Flight Route Planning Pitfalls: Part 1 – What to Watch For

PT 4 M minute read
Flight Route Planning Pitfalls: Part 1 – What to Watch For

This business aviation blog post is part of a series on route planning pitfalls for flight planning purposes.

Business aircraft operators experienced in international operations know that routings based solely on great circle route and predicted winds are often not ideal, won’t be approved, or are not even feasible. This is due to a seemingly endless assortment of routing restrictions in place worldwide. Preferred routings – and routings based on specific airway requirements – will dictate your ultimate flight plan routing. Start your planning process as early as possible in order to obtain the best routings (based on approved airways) and required permits, as well as adhere to your own company-specific operating restrictions.

The following are some tips on what to watch for to avoid route planning pitfalls:

1. Random routings are not recommended

All international legs should use built-up routes, as opposed to random routes. There are just too many variables to consider with random routings, especially when many countries have preferred routings. Airway and routing restrictions change frequently worldwide, and many flight planning systems and scheduling software programs have limitations in terms of keeping up with those changes. Ultimately, many international trips require human input when route planning. It’s usually best to start the trip planning process with a random route, based on best winds, and then edit the route as necessary based on preferred airways, minimum en-route altitudes (MEAs), flight levels, and arrival/departure procedures.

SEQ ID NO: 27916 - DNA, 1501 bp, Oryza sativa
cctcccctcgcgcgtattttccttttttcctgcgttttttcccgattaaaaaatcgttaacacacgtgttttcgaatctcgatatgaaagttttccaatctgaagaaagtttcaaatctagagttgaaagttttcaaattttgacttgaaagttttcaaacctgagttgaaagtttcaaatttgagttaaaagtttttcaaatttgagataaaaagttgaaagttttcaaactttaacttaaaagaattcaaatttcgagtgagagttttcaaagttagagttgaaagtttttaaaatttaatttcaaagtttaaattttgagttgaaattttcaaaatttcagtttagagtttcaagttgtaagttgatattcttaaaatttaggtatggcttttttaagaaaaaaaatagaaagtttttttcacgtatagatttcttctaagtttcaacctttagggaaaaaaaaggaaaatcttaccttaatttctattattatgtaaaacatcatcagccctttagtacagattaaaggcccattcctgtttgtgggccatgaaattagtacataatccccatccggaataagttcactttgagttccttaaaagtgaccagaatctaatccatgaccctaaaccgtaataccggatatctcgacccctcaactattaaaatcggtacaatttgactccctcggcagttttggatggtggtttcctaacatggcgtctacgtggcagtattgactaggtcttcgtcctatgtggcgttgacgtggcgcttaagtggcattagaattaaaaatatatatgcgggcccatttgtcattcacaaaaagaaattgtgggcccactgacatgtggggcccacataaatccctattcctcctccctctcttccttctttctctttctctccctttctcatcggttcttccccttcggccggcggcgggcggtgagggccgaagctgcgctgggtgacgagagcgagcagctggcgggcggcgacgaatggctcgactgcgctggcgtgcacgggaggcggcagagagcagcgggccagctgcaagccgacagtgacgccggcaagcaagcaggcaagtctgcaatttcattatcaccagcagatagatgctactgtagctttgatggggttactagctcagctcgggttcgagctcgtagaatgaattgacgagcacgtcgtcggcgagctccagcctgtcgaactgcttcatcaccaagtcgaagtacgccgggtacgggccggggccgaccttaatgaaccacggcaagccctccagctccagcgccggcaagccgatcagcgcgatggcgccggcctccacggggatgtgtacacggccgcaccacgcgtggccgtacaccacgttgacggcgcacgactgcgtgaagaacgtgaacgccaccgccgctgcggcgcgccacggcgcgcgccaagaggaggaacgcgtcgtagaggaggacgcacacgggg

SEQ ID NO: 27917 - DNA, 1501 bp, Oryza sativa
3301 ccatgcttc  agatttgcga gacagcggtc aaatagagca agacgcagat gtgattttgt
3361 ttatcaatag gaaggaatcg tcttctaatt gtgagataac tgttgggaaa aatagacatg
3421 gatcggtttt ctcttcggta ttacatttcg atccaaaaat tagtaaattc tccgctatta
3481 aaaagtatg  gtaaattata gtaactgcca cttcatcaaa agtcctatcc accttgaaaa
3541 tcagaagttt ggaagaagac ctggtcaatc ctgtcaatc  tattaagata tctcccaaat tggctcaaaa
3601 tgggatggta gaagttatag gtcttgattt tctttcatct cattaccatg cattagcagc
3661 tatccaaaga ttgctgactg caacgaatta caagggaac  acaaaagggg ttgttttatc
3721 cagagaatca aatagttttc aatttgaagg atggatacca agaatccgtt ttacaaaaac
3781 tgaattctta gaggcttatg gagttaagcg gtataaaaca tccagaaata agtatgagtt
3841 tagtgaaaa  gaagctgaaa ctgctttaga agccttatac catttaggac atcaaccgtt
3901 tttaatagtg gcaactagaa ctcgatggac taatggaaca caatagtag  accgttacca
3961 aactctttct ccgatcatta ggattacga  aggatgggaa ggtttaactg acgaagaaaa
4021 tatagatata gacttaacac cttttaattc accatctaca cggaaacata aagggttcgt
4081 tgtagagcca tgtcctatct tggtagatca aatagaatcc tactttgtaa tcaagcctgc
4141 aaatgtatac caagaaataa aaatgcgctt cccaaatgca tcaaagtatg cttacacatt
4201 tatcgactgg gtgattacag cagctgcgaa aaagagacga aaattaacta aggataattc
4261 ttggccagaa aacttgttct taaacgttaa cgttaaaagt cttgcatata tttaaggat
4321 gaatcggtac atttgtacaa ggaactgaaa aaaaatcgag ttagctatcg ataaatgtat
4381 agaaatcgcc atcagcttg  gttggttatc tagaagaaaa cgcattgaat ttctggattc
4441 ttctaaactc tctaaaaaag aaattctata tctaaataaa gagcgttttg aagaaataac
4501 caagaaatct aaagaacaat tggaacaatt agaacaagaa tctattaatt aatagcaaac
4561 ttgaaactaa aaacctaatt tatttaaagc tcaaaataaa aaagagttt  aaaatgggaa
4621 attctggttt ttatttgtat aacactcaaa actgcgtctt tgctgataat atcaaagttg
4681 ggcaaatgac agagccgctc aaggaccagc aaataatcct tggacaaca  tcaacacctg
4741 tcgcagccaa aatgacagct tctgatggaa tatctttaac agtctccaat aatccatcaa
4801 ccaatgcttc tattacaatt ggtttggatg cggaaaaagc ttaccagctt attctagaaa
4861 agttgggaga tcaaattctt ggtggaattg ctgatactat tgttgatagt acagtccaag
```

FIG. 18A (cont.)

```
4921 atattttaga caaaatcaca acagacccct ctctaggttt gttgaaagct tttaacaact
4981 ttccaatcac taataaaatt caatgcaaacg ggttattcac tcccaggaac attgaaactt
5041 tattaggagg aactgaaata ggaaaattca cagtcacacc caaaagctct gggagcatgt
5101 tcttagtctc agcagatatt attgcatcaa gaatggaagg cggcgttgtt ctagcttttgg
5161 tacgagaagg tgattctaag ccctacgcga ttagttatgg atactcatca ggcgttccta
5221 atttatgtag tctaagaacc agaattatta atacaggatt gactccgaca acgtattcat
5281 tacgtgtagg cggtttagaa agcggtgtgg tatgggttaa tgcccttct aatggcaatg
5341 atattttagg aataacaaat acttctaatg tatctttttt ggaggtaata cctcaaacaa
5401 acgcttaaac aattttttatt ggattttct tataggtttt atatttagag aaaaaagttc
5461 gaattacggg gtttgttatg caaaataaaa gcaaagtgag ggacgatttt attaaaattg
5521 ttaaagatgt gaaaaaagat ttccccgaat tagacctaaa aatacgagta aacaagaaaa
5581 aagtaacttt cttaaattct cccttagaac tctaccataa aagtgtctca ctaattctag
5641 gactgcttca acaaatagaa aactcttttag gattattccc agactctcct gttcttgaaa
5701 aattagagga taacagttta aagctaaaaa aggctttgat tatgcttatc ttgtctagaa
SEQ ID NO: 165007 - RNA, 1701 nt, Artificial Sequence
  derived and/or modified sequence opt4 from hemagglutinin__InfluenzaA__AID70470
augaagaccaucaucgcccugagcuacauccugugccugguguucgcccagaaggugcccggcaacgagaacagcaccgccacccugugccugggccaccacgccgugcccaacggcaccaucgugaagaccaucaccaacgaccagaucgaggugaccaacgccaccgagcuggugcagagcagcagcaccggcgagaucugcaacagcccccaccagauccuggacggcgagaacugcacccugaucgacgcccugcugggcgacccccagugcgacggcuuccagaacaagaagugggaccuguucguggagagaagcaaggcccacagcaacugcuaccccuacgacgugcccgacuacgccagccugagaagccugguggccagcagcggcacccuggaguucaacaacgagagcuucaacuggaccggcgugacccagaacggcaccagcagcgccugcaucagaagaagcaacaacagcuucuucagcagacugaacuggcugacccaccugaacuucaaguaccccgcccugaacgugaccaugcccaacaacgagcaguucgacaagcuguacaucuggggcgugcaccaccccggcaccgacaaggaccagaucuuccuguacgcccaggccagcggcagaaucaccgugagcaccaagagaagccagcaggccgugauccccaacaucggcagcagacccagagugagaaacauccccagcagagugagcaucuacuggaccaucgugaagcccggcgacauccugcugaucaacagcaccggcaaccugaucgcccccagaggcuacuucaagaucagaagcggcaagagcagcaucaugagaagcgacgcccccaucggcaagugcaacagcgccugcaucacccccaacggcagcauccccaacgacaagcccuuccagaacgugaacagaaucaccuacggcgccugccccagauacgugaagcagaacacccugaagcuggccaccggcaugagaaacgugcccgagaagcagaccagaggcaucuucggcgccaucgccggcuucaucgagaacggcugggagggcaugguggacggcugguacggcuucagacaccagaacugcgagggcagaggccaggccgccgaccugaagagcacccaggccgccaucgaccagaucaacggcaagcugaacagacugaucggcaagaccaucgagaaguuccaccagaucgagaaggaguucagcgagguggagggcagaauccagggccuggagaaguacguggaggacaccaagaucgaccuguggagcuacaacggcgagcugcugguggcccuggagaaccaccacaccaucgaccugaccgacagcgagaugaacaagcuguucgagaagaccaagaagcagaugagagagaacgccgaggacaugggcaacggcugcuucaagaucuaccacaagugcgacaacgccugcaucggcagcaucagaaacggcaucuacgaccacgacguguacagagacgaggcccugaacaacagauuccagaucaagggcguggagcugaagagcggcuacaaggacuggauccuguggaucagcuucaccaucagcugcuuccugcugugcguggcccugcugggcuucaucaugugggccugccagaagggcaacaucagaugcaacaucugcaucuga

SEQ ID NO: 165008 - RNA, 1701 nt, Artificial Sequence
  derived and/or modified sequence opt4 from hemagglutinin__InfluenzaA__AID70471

2. Avoid the temptation to file a random route

While some operators may prefer filing random routings, there are issues with systems that create just random routes. These routes often do not satisfy the requirements of the particular countries involved. For example, many countries don’t accept off-airway direct route segments, requiring airways to be filed. Thus, certain portions of a random route may not be valid and will result in your flight plan request being rejected. For example Mongolia has preferred routings based on entry/exit fixes, and a random routing based on best winds may not match up with the preferred routing. If you’re transiting Russian, Mongolian, and Chinese airspace and are not using an approved routing, you may be faced with multiple permit revisions and, as a result, substantial operating delays.

3. Be aware of top pitfalls if appropriate route planning is not done

If an invalid route is submitted for approval, you may expect the air traffic control responsible to reject it and possibly revise your routing request. The approved revised route may add substantial distance and time to your estimated time en route and may impact passenger schedules at destination. In fact, depending on the distance involved, you may find you’re not able to make the flight leg direct, resulting in an additional tech stop. This may necessitate a new flight plan, updated ground handling arrangements, new weather and Notice to Airmen (NOTAM) packages, and a revised passenger schedule. If new permits are needed and cannot be secured in time, you may be faced with additional re-routing considerations and delays.